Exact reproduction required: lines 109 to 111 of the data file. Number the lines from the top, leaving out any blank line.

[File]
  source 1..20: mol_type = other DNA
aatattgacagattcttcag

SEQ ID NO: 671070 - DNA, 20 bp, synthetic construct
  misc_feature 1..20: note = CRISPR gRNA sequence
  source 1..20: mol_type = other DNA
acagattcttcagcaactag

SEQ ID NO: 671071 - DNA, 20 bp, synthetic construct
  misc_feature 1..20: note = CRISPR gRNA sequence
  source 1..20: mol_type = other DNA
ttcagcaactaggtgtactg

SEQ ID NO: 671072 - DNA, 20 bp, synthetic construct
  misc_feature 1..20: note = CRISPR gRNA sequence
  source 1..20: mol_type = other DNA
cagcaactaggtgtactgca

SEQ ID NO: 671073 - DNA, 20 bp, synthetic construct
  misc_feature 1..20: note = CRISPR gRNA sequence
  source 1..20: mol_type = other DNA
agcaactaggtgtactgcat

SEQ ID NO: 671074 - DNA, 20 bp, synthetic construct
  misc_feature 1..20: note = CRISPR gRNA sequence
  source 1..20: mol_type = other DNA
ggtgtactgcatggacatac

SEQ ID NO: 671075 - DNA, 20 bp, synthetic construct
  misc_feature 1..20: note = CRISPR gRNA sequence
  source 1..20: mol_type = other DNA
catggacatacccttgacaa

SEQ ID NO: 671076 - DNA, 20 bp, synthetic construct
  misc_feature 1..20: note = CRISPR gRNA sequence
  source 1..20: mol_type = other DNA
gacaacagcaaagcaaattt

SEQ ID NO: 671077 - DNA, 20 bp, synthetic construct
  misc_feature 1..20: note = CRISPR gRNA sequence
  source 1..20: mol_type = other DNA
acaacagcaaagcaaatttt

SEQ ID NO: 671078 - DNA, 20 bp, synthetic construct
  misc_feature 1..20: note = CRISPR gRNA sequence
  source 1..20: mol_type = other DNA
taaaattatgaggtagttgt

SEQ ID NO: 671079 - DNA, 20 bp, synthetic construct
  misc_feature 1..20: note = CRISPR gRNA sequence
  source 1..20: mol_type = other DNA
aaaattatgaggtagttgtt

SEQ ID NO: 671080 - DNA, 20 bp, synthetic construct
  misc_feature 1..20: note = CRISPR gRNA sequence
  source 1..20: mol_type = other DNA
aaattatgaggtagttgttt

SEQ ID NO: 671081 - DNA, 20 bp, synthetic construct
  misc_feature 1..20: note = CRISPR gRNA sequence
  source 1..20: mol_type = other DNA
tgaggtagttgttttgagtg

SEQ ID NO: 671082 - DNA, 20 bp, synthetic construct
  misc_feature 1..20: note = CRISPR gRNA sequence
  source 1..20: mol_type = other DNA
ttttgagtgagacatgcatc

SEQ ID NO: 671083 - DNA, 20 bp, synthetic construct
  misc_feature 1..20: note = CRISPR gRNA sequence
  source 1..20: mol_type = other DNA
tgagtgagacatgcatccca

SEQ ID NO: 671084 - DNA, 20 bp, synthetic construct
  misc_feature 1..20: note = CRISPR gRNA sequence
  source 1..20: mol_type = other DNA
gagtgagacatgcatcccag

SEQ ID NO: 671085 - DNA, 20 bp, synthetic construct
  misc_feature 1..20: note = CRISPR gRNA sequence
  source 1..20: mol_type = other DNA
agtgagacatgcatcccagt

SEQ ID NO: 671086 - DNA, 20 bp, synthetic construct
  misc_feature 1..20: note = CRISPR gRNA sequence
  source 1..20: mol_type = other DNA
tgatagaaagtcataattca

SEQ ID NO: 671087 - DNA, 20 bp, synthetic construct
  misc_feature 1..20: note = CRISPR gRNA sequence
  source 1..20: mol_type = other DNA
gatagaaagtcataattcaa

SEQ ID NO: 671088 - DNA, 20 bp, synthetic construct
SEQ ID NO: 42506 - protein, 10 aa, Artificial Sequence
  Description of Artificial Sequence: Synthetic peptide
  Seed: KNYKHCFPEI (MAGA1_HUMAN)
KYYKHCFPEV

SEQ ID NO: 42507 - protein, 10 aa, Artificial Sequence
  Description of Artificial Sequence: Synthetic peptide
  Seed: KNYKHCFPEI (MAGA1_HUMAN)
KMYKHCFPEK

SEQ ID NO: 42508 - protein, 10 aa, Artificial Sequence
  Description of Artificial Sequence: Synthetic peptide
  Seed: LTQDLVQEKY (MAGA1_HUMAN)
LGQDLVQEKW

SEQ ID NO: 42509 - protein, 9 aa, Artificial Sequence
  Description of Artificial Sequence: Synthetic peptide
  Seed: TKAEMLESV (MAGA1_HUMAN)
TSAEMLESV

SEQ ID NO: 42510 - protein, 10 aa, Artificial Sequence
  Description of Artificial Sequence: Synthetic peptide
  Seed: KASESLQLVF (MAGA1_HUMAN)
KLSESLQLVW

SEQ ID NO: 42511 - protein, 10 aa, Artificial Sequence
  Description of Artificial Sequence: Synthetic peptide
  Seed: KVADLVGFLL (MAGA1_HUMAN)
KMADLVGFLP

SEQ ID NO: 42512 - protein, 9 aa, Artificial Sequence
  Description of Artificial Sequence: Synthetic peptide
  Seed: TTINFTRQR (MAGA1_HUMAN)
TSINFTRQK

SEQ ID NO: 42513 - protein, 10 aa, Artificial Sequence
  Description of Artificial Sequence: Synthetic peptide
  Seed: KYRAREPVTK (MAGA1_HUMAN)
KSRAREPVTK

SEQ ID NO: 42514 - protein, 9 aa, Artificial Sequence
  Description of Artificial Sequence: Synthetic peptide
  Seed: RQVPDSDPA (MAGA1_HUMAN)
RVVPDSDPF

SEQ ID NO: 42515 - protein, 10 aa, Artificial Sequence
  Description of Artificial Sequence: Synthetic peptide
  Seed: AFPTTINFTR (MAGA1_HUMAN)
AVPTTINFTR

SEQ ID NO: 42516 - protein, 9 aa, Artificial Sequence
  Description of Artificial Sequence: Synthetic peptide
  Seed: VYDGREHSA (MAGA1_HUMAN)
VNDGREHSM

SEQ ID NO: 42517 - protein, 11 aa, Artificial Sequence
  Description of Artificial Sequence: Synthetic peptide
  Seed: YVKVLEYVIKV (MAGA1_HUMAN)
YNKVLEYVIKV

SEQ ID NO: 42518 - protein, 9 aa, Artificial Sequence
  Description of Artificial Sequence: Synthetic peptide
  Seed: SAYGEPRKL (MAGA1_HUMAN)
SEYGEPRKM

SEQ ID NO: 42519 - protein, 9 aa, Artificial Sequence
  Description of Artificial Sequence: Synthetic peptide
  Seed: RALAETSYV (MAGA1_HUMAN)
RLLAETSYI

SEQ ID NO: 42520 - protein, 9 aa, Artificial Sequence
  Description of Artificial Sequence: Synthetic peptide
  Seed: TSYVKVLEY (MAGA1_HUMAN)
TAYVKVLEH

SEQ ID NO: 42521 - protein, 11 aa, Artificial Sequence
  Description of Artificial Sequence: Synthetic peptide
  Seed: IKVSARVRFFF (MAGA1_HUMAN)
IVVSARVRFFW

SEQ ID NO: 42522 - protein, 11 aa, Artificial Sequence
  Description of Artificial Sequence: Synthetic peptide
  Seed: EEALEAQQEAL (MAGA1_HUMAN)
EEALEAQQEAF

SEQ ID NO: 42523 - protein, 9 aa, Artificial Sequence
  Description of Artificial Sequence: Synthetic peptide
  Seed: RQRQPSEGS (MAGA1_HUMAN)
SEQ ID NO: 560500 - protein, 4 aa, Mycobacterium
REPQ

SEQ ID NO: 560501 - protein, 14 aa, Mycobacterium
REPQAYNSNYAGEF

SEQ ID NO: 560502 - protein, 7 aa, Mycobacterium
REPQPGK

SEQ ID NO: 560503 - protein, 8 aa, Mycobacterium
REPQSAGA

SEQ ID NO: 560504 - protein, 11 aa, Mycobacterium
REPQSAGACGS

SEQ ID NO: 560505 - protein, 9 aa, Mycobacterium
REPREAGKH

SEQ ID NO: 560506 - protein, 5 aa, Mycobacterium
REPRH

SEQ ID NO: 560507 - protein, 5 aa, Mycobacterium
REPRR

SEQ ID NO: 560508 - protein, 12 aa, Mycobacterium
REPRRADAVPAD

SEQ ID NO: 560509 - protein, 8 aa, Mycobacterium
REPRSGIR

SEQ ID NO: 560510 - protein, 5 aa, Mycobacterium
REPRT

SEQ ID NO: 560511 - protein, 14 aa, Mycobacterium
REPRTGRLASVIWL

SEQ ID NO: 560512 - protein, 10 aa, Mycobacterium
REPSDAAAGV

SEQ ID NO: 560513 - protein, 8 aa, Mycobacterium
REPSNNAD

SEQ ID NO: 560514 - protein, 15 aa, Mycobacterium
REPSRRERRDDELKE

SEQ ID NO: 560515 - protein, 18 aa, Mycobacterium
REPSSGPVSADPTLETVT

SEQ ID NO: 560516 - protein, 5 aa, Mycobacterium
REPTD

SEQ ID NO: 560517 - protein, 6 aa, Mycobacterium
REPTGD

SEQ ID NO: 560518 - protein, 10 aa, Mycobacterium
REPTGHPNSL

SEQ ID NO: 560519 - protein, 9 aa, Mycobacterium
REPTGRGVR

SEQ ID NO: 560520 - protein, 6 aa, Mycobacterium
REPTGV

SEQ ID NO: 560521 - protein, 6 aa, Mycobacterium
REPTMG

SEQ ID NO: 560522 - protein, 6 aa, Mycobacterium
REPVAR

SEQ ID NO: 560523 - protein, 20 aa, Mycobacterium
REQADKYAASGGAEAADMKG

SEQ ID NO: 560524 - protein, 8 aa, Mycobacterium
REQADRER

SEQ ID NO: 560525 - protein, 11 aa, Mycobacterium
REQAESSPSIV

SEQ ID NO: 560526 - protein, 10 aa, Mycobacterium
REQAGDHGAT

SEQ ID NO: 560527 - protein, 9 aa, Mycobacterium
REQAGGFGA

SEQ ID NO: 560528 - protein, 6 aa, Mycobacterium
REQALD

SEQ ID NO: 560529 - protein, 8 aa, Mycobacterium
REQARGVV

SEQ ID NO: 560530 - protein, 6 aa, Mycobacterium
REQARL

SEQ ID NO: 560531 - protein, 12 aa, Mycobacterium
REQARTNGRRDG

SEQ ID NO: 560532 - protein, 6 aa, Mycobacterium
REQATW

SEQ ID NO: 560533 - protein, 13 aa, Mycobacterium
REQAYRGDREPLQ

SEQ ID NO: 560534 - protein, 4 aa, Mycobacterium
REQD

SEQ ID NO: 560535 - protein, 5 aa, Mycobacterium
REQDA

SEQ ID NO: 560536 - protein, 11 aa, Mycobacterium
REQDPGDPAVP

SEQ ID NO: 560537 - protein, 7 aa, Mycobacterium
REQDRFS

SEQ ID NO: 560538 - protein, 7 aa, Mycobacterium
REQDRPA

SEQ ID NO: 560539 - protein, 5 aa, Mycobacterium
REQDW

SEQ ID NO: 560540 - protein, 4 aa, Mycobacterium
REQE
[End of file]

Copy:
  Description of Artificial Sequence: Synthetic peptide
  Seed: RQVPDSDPA (MAGA1_HUMAN)
RVVPDSDPF